But . . . . . .I will celebrate the ideals for which that flag stands, even in a world where idealism is “old-fashioned”. Freedom for ALL, Truth, Justice, Love of family and friends, kindness to neighbors, both nationally and personally, and the right to pursue happiness in all that entails. I pray for equality for all, I pray for objectivity for all, and compassion for all. I pray this holiday brings you these things in abundance!

An Attitude of Gratitude ~

The attitude of Entitlement is killing us. I do not speak here of governmental programs of entitlement, that’s a different story, and where there is need, I cannot personally ask that the help be withdrawn, as I benefit greatly from that help. I am speaking of the attitude of entitlement. The idea that the world owes us because we are surely worthy. Yikes! Where did this attitude even originate? I have run into this article in a couple of places, and it is perfect in addressing this attitude, so I will post it’s link for you.

What seems to be lacking, according to Rabbi Heller, is an attitude of Gratitude, something I had learned many years ago from the ministry of Robert H. Schuller. Now, normally, I have little to say that is good about the televangelists that have emerged with technology, but this man seemed to walk his talk, and because of that, I have occasionally listened to him speak. Both the rabbi and the minister speak of learning that everything is a gift. That includes our health, our job, our very breath. We are not owed these things, they are given for our ultimate benefit. When we believe the world owes us, we get surly, angry, and have no patience with the others that are in our way. It is this attitude that makes it possible to kill another human simply because we want the shoes they are wearing.It is this attitude that lets a mother kill her only child because the child is in the way when she wants to do something, like partying.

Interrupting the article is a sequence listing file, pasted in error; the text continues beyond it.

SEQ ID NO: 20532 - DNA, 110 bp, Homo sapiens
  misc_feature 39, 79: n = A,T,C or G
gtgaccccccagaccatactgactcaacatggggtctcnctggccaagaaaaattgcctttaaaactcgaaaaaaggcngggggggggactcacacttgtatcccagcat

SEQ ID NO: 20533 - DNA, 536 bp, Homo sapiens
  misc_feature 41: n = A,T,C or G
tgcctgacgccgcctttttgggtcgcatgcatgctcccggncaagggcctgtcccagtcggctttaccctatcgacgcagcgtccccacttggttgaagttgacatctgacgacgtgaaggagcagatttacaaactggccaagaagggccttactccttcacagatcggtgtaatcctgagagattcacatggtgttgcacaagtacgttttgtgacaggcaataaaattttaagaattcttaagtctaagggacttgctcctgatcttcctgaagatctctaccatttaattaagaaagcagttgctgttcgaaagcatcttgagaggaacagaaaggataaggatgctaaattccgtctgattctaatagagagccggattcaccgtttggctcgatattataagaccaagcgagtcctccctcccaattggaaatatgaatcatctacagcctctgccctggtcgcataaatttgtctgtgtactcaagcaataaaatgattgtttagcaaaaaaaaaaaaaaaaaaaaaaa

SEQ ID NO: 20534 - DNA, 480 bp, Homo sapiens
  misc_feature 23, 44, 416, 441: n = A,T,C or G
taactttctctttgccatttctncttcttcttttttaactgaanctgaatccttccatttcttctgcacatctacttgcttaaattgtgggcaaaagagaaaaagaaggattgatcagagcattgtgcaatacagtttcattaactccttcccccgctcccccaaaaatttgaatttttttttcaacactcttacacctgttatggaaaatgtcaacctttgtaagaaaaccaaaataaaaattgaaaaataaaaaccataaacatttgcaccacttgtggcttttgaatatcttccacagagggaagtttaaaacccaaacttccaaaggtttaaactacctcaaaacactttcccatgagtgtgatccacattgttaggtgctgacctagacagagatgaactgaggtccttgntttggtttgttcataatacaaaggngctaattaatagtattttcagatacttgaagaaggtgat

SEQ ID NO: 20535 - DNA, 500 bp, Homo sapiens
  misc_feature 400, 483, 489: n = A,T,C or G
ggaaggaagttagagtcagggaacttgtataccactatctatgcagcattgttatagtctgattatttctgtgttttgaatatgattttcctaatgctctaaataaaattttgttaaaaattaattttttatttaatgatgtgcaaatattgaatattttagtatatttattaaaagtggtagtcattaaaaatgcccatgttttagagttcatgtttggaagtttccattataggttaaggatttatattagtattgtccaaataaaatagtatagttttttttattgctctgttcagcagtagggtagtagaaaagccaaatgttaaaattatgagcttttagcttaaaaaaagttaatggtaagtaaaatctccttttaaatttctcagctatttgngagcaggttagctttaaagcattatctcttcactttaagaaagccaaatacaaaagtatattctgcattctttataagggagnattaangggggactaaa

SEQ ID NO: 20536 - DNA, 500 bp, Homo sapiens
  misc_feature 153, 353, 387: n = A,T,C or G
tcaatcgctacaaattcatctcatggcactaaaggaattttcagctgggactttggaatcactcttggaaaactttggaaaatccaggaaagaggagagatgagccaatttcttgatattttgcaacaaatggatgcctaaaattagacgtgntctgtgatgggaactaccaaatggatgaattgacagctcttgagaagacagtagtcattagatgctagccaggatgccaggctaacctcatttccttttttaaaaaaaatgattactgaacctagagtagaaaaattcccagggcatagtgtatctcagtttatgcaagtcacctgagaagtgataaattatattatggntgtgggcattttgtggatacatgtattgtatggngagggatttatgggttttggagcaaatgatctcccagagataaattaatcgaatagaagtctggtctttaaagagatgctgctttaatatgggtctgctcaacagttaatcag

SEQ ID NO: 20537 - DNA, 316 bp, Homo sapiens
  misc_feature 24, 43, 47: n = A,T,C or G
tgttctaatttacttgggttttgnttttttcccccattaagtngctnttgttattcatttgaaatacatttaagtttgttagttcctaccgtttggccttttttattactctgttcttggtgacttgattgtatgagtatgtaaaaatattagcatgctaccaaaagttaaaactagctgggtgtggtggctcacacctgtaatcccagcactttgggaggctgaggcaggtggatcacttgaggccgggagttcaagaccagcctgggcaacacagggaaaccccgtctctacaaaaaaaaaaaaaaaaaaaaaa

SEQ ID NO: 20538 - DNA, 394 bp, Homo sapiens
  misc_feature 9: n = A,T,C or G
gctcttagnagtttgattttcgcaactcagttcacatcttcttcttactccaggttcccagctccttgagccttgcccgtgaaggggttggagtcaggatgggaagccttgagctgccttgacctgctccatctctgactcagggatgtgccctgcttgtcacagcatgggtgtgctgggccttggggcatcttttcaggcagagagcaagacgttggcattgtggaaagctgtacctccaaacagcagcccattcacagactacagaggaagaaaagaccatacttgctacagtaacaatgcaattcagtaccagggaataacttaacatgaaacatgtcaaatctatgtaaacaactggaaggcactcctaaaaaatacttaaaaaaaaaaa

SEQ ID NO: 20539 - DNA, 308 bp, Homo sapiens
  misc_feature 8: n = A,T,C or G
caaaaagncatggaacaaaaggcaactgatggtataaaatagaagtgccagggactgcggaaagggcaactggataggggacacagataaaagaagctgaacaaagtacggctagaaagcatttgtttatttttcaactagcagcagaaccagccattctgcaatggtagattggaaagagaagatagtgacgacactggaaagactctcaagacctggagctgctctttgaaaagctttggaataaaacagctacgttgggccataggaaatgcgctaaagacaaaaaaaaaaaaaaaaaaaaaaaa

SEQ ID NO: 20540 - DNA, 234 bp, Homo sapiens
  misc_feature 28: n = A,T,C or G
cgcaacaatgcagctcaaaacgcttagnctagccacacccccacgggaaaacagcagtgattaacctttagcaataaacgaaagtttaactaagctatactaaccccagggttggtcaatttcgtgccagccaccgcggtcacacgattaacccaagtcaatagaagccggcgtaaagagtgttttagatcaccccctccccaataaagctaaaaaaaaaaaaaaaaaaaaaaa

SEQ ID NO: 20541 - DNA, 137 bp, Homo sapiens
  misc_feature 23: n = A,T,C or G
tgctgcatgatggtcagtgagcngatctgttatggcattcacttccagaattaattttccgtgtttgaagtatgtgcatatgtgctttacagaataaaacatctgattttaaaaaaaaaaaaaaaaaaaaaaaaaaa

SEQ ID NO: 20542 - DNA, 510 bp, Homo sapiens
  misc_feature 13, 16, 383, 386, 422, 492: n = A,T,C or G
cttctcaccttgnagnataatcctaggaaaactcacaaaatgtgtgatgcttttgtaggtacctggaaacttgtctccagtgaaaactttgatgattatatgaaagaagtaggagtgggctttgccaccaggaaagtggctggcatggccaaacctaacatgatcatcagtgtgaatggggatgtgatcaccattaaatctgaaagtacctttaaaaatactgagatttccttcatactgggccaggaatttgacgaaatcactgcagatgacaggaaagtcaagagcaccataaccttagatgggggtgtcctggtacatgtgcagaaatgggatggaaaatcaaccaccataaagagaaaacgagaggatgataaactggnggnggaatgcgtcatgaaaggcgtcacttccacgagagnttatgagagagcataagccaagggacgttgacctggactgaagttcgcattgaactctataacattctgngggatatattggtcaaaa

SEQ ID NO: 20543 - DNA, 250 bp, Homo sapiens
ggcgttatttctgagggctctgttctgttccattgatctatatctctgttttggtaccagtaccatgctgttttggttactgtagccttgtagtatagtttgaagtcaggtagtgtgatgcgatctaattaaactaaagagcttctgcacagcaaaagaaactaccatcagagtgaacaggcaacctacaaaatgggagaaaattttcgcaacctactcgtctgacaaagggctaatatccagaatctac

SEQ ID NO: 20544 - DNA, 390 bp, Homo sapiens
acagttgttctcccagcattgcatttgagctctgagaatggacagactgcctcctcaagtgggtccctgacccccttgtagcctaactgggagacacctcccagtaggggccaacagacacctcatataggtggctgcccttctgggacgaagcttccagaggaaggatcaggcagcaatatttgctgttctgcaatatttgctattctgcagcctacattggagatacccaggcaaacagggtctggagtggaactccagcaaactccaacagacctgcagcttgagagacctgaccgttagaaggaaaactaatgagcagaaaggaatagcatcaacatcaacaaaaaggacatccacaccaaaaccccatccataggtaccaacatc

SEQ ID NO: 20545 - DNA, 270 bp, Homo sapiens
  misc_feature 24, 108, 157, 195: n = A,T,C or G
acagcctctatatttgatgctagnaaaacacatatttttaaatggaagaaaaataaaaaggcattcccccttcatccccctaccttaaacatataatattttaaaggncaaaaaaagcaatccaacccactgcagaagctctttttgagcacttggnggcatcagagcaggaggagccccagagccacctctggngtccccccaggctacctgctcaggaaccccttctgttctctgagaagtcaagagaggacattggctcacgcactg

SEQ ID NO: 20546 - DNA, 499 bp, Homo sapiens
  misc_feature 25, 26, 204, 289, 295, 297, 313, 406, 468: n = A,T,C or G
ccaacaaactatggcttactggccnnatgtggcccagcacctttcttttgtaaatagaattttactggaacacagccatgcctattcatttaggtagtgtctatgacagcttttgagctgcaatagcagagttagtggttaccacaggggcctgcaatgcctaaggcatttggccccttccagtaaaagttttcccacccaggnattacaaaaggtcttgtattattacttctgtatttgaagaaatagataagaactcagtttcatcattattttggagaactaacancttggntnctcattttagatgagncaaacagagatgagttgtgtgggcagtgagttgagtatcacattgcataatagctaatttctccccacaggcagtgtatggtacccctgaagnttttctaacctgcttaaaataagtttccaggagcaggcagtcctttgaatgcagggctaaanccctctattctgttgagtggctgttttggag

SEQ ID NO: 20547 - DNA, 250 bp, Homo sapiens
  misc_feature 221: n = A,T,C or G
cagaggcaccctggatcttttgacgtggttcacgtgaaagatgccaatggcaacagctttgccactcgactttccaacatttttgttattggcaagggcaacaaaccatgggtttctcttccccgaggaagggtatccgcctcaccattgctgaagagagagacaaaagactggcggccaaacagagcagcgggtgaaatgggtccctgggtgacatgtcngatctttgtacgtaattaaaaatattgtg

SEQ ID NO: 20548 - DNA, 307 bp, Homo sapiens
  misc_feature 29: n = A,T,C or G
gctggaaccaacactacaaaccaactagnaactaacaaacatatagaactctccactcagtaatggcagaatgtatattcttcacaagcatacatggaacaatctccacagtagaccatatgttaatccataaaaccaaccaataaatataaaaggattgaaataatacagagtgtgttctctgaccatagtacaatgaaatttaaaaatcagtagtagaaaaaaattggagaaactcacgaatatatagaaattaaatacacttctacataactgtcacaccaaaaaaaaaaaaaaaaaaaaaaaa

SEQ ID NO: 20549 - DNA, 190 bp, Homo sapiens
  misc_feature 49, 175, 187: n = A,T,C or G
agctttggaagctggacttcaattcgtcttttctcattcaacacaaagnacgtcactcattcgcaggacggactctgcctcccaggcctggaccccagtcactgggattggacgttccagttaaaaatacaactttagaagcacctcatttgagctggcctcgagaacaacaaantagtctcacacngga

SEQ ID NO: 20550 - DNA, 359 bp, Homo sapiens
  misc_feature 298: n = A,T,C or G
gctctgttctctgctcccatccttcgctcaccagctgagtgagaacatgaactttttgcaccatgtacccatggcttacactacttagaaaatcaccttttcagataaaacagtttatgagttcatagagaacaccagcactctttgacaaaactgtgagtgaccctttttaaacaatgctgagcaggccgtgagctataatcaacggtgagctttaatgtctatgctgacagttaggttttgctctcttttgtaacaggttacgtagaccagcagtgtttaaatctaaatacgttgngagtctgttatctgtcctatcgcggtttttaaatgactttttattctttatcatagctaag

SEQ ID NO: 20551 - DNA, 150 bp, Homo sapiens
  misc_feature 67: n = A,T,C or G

The world does NOT owe us. We owe the world. An old sage once said that the “service you do is the rent you pay for the space you take up.” We are not here to learn to grab the brass ring, we are here to learn to love. That’s a tall order. I have found myself both amused and aghast at those who would say that teaching and preaching Love as the way of the Enlightened is wishy-washy. Try living it for a while. It is most difficult, and there are many things to learn before we can even begin to operate at that level. We must learn first to be detached from “things”, knowing that they are only temporary, and do not fulfill our greater needs. Further, we must learn to be detached in a gracious manner from the gratitude of others when we “do” for them. We are doing that for our own benefit, to learn to give without strings. We are learning to give because it is the right thing to do, not because we desire a sense of indebtedness from them.